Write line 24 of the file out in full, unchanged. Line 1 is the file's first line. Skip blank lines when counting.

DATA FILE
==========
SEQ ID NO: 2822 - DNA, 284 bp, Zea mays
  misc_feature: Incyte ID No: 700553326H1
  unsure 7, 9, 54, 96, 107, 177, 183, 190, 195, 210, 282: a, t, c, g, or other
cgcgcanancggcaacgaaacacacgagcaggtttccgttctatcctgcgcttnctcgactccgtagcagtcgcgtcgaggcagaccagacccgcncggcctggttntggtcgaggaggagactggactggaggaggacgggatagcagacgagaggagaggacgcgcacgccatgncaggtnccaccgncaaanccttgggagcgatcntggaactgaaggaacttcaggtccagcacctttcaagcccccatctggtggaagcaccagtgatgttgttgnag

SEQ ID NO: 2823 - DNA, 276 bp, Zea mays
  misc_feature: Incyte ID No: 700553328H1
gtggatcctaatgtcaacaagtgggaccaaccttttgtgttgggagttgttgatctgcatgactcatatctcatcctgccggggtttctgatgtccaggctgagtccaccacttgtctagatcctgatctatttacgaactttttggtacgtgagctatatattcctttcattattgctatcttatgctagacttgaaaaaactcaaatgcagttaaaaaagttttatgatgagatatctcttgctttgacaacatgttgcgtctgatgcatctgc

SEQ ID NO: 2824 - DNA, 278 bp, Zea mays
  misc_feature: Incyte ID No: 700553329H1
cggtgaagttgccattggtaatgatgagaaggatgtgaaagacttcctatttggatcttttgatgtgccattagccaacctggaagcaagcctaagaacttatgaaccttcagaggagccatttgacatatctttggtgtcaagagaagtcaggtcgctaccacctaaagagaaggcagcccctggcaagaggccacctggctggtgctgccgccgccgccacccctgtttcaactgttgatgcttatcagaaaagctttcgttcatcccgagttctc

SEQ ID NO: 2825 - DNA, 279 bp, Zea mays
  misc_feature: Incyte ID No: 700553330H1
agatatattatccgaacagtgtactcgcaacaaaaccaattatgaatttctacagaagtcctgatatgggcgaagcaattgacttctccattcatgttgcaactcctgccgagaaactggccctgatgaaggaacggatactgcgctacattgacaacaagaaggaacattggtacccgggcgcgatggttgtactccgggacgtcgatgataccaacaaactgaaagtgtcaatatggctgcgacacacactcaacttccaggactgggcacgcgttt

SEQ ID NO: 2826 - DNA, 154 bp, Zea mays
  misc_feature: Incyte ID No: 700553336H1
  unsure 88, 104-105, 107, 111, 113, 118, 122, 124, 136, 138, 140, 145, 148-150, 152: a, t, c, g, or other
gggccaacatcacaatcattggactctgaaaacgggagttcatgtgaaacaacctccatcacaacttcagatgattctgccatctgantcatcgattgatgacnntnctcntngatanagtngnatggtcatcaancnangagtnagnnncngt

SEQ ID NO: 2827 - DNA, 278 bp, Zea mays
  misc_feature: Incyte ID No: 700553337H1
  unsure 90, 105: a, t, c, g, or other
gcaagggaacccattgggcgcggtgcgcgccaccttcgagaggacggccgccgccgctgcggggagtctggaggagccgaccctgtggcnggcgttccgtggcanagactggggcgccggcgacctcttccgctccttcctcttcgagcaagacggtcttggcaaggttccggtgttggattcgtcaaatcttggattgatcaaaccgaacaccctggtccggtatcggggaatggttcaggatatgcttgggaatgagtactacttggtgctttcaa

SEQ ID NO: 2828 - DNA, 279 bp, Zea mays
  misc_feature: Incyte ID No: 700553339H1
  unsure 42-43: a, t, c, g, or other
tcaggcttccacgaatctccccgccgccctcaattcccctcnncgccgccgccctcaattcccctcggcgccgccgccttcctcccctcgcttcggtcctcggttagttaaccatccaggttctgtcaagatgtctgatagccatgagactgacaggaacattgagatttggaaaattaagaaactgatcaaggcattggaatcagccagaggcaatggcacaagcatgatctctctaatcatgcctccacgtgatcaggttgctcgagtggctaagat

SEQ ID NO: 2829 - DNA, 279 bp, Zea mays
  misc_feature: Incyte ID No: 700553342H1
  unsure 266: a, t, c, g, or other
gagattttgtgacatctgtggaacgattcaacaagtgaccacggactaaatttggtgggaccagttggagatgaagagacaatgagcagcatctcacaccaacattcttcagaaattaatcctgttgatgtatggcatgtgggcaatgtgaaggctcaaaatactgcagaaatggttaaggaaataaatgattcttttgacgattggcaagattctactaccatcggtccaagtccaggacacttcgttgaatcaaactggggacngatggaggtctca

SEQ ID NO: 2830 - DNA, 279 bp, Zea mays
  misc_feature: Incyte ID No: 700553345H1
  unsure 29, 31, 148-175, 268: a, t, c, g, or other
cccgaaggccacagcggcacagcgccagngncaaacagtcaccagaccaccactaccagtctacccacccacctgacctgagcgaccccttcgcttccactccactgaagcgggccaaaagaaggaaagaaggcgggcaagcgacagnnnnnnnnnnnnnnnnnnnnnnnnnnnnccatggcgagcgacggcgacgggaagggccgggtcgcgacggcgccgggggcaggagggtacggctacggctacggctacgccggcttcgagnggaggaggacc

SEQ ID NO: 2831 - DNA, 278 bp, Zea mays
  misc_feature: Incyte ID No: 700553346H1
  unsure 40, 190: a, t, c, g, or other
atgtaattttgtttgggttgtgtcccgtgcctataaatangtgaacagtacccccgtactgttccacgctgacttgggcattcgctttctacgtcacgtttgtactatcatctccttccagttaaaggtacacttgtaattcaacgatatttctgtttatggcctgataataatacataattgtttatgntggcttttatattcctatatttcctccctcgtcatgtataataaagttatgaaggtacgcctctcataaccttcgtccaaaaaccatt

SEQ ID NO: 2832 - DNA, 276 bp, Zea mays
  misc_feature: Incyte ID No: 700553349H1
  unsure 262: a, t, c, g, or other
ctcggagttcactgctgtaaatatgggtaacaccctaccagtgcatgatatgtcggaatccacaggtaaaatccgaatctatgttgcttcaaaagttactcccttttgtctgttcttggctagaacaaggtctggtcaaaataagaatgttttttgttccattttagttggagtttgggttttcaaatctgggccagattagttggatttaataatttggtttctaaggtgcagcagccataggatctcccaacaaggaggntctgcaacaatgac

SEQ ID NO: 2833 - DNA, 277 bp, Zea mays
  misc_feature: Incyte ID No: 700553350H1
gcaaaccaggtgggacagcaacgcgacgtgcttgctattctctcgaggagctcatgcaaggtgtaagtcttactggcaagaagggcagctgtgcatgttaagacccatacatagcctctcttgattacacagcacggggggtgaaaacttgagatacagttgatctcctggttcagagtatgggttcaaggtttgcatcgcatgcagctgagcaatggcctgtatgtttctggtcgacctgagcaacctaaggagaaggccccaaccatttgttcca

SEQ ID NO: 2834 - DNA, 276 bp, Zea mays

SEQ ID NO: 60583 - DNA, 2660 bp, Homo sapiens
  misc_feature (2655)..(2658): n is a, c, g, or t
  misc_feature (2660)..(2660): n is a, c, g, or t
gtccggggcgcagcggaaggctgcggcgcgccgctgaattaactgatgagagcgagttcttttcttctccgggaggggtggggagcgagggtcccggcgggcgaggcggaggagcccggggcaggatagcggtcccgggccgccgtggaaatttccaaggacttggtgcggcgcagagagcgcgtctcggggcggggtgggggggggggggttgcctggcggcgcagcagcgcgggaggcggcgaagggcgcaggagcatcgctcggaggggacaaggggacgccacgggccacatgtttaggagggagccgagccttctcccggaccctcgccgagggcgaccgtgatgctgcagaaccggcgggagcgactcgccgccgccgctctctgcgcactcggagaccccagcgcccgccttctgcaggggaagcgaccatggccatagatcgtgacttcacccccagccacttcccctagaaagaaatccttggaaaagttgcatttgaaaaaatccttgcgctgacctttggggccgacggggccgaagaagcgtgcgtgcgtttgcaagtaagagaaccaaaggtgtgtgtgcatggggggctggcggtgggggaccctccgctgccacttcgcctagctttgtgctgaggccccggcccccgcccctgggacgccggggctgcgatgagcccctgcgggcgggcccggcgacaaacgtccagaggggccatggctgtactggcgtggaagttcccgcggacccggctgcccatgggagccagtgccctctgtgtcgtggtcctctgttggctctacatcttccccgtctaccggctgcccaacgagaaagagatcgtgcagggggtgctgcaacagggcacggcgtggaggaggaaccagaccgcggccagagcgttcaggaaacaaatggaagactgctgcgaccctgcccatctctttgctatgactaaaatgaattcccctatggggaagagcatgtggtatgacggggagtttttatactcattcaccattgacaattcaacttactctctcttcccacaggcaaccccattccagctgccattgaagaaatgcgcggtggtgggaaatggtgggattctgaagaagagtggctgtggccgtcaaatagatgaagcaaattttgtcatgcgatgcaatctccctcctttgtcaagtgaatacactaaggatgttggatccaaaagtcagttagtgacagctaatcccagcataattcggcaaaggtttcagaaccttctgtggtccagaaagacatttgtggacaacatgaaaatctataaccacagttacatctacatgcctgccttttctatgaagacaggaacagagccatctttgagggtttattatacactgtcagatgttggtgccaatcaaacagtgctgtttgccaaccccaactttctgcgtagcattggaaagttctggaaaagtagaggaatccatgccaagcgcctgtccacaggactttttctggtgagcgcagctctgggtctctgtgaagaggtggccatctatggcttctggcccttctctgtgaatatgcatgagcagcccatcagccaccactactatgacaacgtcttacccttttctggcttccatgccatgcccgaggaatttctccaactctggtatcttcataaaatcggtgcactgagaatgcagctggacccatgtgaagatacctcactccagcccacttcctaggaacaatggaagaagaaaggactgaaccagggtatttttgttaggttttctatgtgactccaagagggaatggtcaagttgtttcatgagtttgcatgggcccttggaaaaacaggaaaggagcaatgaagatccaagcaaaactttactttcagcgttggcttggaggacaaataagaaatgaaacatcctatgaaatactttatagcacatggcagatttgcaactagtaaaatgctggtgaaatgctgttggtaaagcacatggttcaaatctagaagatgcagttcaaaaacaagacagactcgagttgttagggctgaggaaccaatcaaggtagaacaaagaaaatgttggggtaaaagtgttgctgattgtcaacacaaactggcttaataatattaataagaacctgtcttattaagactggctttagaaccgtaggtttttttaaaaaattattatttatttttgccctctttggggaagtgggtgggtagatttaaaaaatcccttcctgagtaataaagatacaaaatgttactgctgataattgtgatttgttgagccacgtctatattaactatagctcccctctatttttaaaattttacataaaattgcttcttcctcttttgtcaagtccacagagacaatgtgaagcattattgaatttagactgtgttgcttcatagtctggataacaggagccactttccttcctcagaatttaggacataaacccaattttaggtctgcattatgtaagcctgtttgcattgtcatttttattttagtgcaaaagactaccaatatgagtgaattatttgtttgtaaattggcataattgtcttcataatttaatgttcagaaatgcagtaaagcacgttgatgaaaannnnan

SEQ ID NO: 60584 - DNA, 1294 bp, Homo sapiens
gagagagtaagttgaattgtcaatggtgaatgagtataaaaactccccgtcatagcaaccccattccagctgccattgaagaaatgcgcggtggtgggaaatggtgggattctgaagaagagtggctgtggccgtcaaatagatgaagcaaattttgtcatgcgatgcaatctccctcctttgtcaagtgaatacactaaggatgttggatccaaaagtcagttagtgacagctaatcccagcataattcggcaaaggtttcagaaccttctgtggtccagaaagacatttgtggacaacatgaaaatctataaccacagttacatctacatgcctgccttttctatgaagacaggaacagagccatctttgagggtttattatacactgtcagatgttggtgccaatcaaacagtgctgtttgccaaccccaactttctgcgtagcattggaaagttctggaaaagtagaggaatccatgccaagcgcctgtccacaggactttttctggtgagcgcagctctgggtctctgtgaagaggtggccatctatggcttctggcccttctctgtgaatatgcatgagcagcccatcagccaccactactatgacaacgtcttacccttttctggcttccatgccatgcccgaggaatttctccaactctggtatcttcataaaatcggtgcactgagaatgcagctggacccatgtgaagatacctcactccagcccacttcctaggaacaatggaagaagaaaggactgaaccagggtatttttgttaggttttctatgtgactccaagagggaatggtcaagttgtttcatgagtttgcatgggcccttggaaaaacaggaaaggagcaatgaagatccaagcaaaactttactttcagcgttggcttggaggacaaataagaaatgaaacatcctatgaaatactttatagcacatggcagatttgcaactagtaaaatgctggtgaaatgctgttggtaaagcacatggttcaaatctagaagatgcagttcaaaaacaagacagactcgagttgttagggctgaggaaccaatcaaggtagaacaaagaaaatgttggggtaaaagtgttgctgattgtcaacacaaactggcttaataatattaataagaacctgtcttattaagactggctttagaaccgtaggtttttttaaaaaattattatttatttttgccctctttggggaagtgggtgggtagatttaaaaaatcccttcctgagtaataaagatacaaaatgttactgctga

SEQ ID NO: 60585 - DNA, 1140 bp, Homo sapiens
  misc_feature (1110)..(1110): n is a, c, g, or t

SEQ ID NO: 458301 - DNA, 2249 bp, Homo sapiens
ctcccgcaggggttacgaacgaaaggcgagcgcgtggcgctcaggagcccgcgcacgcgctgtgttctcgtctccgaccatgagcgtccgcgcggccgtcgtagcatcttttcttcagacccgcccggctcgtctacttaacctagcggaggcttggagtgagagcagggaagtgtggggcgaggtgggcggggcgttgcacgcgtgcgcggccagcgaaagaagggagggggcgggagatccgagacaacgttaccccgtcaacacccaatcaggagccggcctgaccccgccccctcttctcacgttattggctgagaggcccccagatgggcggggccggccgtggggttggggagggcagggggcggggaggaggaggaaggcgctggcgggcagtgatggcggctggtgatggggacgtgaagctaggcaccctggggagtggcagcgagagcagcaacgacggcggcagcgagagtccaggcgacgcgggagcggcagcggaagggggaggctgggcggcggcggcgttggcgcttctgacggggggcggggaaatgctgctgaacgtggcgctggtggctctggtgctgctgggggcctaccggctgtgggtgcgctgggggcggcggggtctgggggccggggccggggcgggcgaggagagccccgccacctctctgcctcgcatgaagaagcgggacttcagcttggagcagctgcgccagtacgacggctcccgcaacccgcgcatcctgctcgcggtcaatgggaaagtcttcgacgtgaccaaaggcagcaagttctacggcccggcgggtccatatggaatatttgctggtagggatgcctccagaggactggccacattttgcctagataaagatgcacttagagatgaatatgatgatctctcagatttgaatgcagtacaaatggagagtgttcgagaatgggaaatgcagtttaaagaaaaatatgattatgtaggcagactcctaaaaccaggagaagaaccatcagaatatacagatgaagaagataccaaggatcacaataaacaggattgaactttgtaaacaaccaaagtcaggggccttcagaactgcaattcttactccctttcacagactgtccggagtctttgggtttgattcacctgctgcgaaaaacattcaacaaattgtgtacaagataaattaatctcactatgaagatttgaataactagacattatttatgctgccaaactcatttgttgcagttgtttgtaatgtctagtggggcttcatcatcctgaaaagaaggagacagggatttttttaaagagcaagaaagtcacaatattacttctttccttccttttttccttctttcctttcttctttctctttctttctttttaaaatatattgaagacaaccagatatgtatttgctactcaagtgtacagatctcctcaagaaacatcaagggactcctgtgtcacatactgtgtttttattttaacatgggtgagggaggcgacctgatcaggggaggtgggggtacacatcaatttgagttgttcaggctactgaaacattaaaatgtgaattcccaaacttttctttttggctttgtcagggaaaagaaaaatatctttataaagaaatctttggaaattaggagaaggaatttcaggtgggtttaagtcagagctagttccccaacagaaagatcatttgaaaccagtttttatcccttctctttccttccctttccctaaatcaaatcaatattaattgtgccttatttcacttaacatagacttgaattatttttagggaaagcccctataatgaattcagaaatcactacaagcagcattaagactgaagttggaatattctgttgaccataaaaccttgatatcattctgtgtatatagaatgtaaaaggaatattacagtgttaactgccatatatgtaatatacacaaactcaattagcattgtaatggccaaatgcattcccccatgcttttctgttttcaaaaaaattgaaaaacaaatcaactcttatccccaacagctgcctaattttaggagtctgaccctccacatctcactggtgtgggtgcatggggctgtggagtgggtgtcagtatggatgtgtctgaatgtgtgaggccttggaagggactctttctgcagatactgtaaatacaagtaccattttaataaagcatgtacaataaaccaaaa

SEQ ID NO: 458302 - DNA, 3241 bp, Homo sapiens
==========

  unsure 42-43: a, t, c, g, or other